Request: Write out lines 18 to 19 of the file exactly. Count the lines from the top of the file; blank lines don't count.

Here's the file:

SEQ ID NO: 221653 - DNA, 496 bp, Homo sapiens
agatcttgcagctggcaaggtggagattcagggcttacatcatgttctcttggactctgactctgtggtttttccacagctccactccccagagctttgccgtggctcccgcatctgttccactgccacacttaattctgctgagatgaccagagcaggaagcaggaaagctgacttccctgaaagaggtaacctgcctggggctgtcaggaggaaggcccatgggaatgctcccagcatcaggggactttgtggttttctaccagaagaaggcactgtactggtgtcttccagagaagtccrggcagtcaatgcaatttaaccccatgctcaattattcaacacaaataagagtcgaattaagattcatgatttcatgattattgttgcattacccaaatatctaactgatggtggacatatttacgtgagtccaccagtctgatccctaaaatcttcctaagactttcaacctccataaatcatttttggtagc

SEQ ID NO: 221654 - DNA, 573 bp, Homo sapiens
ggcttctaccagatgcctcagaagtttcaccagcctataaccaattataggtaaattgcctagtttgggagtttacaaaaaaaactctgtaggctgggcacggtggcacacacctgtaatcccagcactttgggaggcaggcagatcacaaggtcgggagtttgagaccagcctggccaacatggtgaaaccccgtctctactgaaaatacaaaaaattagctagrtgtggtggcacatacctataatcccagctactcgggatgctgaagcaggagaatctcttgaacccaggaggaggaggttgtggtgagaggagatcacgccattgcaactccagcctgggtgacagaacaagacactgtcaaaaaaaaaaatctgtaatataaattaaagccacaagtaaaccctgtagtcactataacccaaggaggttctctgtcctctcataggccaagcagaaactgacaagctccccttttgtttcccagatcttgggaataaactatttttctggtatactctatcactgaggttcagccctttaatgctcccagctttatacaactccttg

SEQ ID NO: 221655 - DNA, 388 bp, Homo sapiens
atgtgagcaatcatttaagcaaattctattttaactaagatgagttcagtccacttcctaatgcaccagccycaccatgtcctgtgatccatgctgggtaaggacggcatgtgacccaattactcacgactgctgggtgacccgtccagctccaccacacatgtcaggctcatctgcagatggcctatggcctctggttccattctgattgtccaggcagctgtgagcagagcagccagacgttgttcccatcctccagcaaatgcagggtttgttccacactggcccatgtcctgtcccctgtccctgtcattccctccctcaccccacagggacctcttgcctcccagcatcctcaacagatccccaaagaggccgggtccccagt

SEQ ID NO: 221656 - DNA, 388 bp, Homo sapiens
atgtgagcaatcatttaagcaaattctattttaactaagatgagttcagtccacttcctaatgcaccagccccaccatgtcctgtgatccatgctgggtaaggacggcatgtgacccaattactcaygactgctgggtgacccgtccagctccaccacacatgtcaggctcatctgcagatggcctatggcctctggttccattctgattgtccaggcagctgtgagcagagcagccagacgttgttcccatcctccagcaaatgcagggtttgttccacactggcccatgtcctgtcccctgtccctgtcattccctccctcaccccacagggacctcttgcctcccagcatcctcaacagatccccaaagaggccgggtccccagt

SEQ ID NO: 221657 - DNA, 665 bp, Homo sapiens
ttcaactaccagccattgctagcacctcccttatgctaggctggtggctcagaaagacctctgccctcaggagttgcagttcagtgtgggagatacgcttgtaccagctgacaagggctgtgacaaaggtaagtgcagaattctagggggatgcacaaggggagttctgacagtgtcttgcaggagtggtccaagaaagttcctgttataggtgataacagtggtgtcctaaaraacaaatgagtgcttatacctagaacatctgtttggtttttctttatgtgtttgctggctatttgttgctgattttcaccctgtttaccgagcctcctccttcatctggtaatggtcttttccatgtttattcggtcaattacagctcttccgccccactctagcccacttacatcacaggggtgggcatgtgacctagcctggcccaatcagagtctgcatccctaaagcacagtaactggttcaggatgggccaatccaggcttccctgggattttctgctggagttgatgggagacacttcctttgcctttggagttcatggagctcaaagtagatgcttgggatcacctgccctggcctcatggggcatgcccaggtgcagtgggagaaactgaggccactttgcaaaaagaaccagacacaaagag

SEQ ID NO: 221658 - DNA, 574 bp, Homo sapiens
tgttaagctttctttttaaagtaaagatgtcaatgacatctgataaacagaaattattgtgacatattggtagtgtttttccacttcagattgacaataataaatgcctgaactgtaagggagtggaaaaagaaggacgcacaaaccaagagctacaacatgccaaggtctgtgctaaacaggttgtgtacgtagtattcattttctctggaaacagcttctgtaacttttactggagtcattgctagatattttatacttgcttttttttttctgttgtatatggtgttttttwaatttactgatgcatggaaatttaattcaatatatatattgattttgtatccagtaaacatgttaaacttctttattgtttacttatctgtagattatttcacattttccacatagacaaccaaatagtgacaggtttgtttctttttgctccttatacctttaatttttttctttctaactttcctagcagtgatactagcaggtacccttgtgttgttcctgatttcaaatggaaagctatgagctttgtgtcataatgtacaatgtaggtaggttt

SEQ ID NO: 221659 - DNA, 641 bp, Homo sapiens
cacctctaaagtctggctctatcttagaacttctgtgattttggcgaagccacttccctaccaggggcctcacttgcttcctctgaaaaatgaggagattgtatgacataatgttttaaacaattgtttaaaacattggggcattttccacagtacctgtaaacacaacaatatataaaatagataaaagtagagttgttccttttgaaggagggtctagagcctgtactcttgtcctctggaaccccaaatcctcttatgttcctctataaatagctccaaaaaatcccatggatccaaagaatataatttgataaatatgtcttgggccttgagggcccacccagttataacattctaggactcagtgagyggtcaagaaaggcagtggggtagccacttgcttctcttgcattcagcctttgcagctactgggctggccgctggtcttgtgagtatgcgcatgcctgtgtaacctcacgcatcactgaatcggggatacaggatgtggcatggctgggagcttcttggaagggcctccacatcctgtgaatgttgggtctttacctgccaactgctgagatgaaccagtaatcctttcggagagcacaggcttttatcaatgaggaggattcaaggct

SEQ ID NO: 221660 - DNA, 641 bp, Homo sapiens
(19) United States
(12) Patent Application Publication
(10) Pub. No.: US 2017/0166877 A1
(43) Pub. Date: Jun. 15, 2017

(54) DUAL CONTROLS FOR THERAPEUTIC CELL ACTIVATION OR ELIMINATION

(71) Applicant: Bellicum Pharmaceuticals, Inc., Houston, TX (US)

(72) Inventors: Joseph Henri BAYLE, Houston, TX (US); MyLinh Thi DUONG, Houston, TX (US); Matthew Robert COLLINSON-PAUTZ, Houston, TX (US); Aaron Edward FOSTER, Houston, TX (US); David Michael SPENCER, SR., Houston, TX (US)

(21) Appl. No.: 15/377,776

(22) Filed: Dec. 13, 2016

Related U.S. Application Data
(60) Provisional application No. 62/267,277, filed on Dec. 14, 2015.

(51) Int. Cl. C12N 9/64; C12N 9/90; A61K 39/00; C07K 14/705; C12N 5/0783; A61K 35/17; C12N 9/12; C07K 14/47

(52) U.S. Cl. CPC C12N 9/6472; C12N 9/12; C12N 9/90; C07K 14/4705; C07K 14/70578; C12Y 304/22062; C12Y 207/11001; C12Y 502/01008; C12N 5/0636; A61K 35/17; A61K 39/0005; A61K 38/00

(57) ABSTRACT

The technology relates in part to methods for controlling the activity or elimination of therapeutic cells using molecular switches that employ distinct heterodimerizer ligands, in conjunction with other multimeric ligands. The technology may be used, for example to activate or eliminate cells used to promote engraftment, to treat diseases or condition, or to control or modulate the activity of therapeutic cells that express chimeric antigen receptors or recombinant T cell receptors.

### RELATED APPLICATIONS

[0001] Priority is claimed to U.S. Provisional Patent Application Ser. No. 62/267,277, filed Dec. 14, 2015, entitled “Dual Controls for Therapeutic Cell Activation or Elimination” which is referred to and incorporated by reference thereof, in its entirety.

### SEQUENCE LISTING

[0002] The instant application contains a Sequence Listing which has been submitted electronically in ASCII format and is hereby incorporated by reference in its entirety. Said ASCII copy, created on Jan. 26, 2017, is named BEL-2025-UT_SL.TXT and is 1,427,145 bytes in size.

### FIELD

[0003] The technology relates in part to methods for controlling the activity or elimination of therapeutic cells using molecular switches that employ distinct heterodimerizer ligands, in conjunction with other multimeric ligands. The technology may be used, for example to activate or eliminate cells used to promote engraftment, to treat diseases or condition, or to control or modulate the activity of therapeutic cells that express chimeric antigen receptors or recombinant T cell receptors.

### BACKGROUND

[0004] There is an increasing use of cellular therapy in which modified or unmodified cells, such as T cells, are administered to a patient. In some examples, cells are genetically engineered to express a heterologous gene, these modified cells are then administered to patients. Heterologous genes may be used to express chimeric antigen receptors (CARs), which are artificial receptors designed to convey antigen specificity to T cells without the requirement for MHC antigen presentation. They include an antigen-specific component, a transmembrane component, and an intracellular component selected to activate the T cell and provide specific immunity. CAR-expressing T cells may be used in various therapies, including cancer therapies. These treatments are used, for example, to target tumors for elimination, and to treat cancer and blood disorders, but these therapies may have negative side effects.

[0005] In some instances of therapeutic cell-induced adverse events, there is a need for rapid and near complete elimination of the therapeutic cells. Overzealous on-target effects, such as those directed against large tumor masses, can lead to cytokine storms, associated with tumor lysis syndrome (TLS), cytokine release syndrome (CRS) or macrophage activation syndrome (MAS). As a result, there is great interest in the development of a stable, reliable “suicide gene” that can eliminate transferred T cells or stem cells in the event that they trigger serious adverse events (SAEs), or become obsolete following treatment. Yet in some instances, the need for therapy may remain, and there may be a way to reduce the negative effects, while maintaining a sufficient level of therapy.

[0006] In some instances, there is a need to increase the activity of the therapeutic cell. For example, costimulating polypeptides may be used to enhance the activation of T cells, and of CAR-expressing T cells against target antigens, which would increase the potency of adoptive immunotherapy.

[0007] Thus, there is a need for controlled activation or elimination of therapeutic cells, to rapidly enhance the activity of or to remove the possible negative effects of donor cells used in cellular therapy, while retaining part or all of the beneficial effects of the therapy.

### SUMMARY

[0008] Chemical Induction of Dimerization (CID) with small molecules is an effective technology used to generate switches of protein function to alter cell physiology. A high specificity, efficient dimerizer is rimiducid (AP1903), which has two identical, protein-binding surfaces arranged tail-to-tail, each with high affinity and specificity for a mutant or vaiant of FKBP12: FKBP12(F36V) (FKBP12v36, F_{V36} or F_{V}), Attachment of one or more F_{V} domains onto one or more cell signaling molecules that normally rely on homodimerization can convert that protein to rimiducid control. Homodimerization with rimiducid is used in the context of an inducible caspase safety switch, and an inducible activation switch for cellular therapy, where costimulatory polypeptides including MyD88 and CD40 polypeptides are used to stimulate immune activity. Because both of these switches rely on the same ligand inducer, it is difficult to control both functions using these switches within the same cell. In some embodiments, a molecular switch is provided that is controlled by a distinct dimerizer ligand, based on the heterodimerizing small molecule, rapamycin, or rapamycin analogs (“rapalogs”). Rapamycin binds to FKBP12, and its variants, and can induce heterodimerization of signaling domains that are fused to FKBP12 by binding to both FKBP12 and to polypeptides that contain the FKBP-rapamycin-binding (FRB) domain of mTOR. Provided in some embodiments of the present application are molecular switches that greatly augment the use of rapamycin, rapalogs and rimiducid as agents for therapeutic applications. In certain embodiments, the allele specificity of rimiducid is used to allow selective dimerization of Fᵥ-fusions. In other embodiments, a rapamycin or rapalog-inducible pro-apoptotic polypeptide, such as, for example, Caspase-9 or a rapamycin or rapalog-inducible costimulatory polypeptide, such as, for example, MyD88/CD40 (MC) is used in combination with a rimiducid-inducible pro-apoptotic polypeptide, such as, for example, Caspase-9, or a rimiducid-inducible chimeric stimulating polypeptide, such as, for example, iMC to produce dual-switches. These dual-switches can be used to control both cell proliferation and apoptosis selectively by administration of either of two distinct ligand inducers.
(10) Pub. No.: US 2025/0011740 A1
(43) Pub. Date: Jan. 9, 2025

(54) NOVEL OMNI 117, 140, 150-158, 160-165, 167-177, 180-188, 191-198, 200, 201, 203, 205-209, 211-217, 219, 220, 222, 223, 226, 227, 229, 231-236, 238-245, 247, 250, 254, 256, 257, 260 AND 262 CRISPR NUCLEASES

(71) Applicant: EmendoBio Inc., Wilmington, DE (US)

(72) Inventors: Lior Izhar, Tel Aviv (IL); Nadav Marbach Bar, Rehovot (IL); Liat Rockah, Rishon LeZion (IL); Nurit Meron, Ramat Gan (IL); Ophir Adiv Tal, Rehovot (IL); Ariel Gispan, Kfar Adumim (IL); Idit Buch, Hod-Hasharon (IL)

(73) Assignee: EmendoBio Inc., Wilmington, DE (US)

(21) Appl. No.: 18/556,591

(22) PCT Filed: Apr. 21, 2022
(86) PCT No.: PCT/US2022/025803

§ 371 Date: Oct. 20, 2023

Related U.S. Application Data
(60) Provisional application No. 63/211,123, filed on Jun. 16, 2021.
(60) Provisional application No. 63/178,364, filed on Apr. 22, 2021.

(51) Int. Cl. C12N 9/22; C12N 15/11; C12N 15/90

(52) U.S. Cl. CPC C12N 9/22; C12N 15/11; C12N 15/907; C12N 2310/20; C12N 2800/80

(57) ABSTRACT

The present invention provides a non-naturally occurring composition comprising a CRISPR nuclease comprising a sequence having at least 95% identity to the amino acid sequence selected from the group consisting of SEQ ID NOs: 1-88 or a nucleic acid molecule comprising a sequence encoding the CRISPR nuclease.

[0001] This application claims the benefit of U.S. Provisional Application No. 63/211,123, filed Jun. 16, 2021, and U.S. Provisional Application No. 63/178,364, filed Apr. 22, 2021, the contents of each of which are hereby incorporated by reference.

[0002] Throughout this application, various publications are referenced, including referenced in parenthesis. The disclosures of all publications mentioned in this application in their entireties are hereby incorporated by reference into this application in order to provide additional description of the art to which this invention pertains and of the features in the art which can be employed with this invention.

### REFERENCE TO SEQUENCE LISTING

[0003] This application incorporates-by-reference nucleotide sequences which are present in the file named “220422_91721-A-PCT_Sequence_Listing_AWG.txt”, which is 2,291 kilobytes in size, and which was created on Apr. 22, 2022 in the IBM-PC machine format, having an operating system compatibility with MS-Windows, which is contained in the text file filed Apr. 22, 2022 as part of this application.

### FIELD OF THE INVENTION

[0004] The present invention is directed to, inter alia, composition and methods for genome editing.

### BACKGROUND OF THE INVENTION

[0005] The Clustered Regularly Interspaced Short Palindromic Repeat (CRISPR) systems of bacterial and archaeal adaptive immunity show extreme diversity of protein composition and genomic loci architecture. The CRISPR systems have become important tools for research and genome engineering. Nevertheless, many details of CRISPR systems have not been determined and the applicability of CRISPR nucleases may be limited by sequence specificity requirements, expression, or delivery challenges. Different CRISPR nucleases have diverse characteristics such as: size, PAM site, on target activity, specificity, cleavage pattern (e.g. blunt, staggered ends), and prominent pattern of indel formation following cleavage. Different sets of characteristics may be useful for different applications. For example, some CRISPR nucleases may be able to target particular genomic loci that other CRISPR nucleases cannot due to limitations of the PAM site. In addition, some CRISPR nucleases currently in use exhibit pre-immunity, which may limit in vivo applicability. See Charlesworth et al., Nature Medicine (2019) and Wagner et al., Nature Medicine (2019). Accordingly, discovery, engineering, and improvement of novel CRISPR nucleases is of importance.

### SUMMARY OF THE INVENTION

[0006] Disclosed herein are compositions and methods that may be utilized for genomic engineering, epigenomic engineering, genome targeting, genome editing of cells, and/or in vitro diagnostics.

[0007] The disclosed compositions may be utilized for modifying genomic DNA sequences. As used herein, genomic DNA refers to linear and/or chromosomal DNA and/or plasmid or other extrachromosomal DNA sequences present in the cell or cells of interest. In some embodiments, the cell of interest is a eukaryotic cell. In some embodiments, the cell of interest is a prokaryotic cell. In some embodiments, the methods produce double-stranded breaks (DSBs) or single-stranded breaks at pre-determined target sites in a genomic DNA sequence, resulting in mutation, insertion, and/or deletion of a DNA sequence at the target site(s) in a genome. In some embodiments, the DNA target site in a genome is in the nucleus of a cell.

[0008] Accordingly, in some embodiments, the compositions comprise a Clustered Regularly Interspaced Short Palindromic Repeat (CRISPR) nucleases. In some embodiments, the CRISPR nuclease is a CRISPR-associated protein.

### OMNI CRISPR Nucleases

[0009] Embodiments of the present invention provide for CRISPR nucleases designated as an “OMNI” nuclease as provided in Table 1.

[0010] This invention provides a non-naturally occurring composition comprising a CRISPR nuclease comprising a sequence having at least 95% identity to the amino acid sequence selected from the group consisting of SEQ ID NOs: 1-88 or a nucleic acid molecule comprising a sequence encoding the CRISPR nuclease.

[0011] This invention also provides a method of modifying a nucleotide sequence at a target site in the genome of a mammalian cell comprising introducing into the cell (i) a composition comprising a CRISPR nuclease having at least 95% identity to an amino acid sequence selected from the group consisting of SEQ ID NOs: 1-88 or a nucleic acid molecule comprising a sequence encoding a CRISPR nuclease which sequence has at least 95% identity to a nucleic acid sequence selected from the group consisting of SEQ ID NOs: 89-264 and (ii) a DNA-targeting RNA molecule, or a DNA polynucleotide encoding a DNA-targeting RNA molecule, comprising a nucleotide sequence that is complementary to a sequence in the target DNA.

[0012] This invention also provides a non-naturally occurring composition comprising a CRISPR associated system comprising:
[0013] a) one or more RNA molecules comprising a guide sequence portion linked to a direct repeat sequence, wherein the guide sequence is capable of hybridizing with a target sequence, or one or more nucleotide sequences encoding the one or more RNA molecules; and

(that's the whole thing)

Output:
(10) Pub. No.: US 2017/0166877 A1
(43) Pub. Date: Jun. 15, 2017